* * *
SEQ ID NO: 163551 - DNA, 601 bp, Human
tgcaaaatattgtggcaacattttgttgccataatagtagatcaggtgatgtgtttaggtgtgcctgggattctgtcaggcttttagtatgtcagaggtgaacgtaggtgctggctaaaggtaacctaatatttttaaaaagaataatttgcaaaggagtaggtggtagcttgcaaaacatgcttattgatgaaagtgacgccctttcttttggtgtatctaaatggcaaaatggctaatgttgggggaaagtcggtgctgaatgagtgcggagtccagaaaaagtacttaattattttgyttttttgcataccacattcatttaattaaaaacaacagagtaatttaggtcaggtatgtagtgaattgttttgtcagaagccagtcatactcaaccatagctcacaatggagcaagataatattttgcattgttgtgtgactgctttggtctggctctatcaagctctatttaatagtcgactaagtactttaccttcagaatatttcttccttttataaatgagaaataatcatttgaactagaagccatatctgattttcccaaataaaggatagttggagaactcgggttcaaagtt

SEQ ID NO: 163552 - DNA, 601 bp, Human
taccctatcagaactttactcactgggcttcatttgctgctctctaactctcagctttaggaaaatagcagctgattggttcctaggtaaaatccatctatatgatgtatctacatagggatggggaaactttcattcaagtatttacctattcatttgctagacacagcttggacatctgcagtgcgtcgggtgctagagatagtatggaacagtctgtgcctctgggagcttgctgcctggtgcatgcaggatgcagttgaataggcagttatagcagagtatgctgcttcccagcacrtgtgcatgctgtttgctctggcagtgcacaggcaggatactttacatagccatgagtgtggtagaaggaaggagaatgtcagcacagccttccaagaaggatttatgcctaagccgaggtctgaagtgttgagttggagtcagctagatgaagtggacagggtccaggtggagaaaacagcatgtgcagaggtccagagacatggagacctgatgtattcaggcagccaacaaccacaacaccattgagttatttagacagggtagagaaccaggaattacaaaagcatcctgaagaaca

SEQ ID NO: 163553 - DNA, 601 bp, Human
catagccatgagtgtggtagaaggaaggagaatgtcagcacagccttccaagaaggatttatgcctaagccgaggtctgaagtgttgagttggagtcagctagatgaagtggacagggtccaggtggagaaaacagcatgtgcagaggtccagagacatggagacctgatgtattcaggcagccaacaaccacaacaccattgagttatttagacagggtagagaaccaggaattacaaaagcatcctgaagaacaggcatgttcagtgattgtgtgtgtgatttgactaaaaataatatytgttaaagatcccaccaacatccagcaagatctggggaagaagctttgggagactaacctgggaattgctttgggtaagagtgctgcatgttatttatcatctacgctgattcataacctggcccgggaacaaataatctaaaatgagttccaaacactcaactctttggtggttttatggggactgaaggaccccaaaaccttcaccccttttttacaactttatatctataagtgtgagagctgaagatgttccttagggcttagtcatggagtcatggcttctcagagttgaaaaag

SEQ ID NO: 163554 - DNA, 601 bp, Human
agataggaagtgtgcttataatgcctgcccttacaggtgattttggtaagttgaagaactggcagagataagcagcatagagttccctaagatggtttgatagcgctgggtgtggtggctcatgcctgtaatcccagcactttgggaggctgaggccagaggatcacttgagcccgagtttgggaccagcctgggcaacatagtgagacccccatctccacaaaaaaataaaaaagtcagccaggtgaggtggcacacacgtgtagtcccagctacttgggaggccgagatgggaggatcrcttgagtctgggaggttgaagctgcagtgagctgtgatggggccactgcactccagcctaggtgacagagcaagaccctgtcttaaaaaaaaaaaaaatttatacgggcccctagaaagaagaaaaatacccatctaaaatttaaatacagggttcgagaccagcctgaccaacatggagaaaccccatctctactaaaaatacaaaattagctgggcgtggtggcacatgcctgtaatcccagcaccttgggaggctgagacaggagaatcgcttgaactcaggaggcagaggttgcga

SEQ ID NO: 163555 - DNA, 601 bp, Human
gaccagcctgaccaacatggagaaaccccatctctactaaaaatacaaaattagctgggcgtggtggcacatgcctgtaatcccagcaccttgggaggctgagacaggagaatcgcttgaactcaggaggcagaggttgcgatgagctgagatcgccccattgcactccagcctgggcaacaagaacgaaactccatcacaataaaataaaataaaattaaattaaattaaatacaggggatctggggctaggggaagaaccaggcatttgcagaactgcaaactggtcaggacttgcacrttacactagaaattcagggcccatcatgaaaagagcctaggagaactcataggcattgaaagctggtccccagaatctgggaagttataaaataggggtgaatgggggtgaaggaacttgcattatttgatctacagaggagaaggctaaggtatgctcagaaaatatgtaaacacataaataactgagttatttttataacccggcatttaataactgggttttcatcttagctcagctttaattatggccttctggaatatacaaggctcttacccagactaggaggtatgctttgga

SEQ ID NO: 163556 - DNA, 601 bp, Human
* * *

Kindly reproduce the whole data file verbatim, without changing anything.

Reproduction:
SEQ ID NO: 163551 - DNA, 601 bp, Human
tgcaaaatattgtggcaacattttgttgccataatagtagatcaggtgatgtgtttaggtgtgcctgggattctgtcaggcttttagtatgtcagaggtgaacgtaggtgctggctaaaggtaacctaatatttttaaaaagaataatttgcaaaggagtaggtggtagcttgcaaaacatgcttattgatgaaagtgacgccctttcttttggtgtatctaaatggcaaaatggctaatgttgggggaaagtcggtgctgaatgagtgcggagtccagaaaaagtacttaattattttgyttttttgcataccacattcatttaattaaaaacaacagagtaatttaggtcaggtatgtagtgaattgttttgtcagaagccagtcatactcaaccatagctcacaatggagcaagataatattttgcattgttgtgtgactgctttggtctggctctatcaagctctatttaatagtcgactaagtactttaccttcagaatatttcttccttttataaatgagaaataatcatttgaactagaagccatatctgattttcccaaataaaggatagttggagaactcgggttcaaagtt

SEQ ID NO: 163552 - DNA, 601 bp, Human
taccctatcagaactttactcactgggcttcatttgctgctctctaactctcagctttaggaaaatagcagctgattggttcctaggtaaaatccatctatatgatgtatctacatagggatggggaaactttcattcaagtatttacctattcatttgctagacacagcttggacatctgcagtgcgtcgggtgctagagatagtatggaacagtctgtgcctctgggagcttgctgcctggtgcatgcaggatgcagttgaataggcagttatagcagagtatgctgcttcccagcacrtgtgcatgctgtttgctctggcagtgcacaggcaggatactttacatagccatgagtgtggtagaaggaaggagaatgtcagcacagccttccaagaaggatttatgcctaagccgaggtctgaagtgttgagttggagtcagctagatgaagtggacagggtccaggtggagaaaacagcatgtgcagaggtccagagacatggagacctgatgtattcaggcagccaacaaccacaacaccattgagttatttagacagggtagagaaccaggaattacaaaagcatcctgaagaaca

SEQ ID NO: 163553 - DNA, 601 bp, Human
catagccatgagtgtggtagaaggaaggagaatgtcagcacagccttccaagaaggatttatgcctaagccgaggtctgaagtgttgagttggagtcagctagatgaagtggacagggtccaggtggagaaaacagcatgtgcagaggtccagagacatggagacctgatgtattcaggcagccaacaaccacaacaccattgagttatttagacagggtagagaaccaggaattacaaaagcatcctgaagaacaggcatgttcagtgattgtgtgtgtgatttgactaaaaataatatytgttaaagatcccaccaacatccagcaagatctggggaagaagctttgggagactaacctgggaattgctttgggtaagagtgctgcatgttatttatcatctacgctgattcataacctggcccgggaacaaataatctaaaatgagttccaaacactcaactctttggtggttttatggggactgaaggaccccaaaaccttcaccccttttttacaactttatatctataagtgtgagagctgaagatgttccttagggcttagtcatggagtcatggcttctcagagttgaaaaag

SEQ ID NO: 163554 - DNA, 601 bp, Human
agataggaagtgtgcttataatgcctgcccttacaggtgattttggtaagttgaagaactggcagagataagcagcatagagttccctaagatggtttgatagcgctgggtgtggtggctcatgcctgtaatcccagcactttgggaggctgaggccagaggatcacttgagcccgagtttgggaccagcctgggcaacatagtgagacccccatctccacaaaaaaataaaaaagtcagccaggtgaggtggcacacacgtgtagtcccagctacttgggaggccgagatgggaggatcrcttgagtctgggaggttgaagctgcagtgagctgtgatggggccactgcactccagcctaggtgacagagcaagaccctgtcttaaaaaaaaaaaaaatttatacgggcccctagaaagaagaaaaatacccatctaaaatttaaatacagggttcgagaccagcctgaccaacatggagaaaccccatctctactaaaaatacaaaattagctgggcgtggtggcacatgcctgtaatcccagcaccttgggaggctgagacaggagaatcgcttgaactcaggaggcagaggttgcga

SEQ ID NO: 163555 - DNA, 601 bp, Human
gaccagcctgaccaacatggagaaaccccatctctactaaaaatacaaaattagctgggcgtggtggcacatgcctgtaatcccagcaccttgggaggctgagacaggagaatcgcttgaactcaggaggcagaggttgcgatgagctgagatcgccccattgcactccagcctgggcaacaagaacgaaactccatcacaataaaataaaataaaattaaattaaattaaatacaggggatctggggctaggggaagaaccaggcatttgcagaactgcaaactggtcaggacttgcacrttacactagaaattcagggcccatcatgaaaagagcctaggagaactcataggcattgaaagctggtccccagaatctgggaagttataaaataggggtgaatgggggtgaaggaacttgcattatttgatctacagaggagaaggctaaggtatgctcagaaaatatgtaaacacataaataactgagttatttttataacccggcatttaataactgggttttcatcttagctcagctttaattatggccttctggaatatacaaggctcttacccagactaggaggtatgctttgga

SEQ ID NO: 163556 - DNA, 601 bp, Human